In this issue of the Scandinavian Journal of Pain Ruud Groeneweg and co-workers  focus on the influence of treatment outcome expectancies on the treatment effect in patients with neck pain. They also included clinical and psychosocial variables previously documented to be associated with treatment outcome. In a prospective study including 181 patients followed at 7 and 26 weeks after receiving manual therapy or physiotherapy, hierarchical logistic regression analysis documented that expectancies explained slightly less than 10% of the variance in pain and 16–17% of the variance in functioning. In contrast to several previous prospective studies in neck pain, fear avoidance beliefs did not influence outcome significantly in the present study [2,3,4,5].1Neck pain, fear and expectanciesNeck pain is common, and often associated with substantially reduced function [6,7]. The course of neck pain may be long lasting  and closely associated with psychosocial factors [9,10]. Emotional distress, anxiety and depression are classic psychological factors influencing the prognosis of neck pain [11,12]. However, also beliefs and expectancies are assumed to influence the prognosis of painful conditions [5,13]. Fear avoidance beliefs are documented in numerous studies to act as mediator and moderator of pain [3,4,5]. Yet, another dimension of psychology is expectations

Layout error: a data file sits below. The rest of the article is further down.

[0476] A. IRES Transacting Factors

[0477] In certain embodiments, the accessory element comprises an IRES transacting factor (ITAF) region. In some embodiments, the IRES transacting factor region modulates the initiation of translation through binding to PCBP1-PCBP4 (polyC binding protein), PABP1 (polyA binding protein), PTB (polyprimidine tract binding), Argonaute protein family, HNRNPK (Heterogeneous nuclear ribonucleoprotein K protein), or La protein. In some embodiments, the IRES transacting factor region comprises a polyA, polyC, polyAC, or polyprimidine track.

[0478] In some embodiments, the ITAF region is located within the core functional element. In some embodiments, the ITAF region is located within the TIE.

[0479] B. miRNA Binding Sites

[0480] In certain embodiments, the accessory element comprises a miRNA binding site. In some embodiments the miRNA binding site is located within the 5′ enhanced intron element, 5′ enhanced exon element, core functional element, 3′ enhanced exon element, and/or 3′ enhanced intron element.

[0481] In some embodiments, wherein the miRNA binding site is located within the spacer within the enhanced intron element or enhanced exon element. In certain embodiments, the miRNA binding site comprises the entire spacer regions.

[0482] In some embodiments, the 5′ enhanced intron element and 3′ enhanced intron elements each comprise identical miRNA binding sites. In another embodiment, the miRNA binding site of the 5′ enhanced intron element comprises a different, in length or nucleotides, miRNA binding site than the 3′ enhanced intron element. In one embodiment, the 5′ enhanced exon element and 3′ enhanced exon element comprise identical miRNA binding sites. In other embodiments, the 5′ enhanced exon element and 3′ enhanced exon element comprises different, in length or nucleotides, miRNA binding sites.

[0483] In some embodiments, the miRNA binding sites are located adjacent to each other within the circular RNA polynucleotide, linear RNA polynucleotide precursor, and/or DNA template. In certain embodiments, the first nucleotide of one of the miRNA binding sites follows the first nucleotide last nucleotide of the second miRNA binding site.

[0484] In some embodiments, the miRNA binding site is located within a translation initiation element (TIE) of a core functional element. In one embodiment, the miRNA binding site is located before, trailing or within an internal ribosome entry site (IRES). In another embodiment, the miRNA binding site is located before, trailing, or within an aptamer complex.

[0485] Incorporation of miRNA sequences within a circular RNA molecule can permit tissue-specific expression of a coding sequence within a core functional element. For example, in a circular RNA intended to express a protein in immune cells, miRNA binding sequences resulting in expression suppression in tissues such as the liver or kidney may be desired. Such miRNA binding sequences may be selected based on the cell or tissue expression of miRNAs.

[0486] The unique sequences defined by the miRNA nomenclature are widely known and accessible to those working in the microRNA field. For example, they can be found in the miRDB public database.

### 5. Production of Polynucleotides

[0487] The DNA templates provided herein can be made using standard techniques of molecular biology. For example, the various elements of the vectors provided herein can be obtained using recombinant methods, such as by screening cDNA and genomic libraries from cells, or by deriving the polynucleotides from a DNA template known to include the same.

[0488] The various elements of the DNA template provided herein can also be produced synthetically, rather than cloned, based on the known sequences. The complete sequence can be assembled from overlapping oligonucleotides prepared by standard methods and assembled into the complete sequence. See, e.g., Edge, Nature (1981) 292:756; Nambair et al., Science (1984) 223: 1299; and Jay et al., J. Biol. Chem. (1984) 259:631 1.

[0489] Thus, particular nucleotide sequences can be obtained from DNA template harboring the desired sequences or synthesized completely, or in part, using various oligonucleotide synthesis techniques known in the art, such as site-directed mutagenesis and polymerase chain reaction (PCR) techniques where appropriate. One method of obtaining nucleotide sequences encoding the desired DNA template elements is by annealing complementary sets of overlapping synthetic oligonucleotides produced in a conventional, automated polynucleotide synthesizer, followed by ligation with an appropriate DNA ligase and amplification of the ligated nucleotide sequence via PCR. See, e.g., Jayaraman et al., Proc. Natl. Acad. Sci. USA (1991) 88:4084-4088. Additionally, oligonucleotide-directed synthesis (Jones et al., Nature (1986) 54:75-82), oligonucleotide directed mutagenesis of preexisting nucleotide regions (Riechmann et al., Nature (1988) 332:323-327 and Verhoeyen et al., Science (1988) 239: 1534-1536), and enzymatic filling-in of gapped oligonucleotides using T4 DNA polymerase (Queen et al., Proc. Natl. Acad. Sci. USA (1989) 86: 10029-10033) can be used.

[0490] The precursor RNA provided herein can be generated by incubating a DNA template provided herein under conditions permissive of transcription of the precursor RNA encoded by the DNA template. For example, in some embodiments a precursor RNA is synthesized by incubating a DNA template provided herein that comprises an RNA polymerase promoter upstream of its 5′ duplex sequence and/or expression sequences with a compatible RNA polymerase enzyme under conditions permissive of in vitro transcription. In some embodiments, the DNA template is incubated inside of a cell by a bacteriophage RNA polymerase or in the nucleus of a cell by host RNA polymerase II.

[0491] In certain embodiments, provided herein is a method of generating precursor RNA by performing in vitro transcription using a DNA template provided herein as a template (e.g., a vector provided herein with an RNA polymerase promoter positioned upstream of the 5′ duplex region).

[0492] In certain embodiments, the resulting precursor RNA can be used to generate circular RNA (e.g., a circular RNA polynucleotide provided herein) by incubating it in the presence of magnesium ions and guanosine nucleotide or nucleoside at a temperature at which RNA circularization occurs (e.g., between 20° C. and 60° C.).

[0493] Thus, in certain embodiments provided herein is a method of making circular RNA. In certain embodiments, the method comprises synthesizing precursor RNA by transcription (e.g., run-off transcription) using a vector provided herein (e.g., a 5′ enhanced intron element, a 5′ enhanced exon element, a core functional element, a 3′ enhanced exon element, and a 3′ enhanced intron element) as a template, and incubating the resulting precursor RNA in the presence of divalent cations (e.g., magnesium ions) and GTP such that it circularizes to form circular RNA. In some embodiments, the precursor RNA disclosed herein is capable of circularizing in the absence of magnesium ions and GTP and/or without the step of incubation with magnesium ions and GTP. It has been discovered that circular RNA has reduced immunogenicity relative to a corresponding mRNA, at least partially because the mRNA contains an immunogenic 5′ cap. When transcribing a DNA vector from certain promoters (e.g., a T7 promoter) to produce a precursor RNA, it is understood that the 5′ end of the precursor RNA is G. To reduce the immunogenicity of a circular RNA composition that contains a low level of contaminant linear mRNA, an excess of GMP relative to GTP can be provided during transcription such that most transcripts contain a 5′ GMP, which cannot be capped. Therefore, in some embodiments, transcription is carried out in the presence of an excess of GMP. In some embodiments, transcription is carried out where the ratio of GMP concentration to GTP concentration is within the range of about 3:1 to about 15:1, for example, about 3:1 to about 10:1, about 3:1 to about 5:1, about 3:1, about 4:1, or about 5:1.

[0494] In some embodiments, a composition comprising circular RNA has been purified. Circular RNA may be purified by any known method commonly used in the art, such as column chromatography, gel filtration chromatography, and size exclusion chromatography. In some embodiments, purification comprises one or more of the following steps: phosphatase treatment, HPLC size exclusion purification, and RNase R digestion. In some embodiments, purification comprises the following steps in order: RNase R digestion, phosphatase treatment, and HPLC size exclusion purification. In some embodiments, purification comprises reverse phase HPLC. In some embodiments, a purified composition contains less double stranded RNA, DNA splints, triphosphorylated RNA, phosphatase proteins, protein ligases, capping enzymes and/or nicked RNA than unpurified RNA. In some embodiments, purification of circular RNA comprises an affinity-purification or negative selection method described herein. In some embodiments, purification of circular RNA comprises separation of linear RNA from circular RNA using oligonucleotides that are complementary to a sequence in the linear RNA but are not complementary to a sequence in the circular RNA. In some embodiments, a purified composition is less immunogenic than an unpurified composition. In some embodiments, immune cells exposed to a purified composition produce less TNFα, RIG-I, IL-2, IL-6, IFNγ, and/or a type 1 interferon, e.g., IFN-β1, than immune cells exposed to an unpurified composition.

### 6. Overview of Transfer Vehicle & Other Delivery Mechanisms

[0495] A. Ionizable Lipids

Scandinavian Journal of Pain – de Gruyter
Published: Jan 1, 2017
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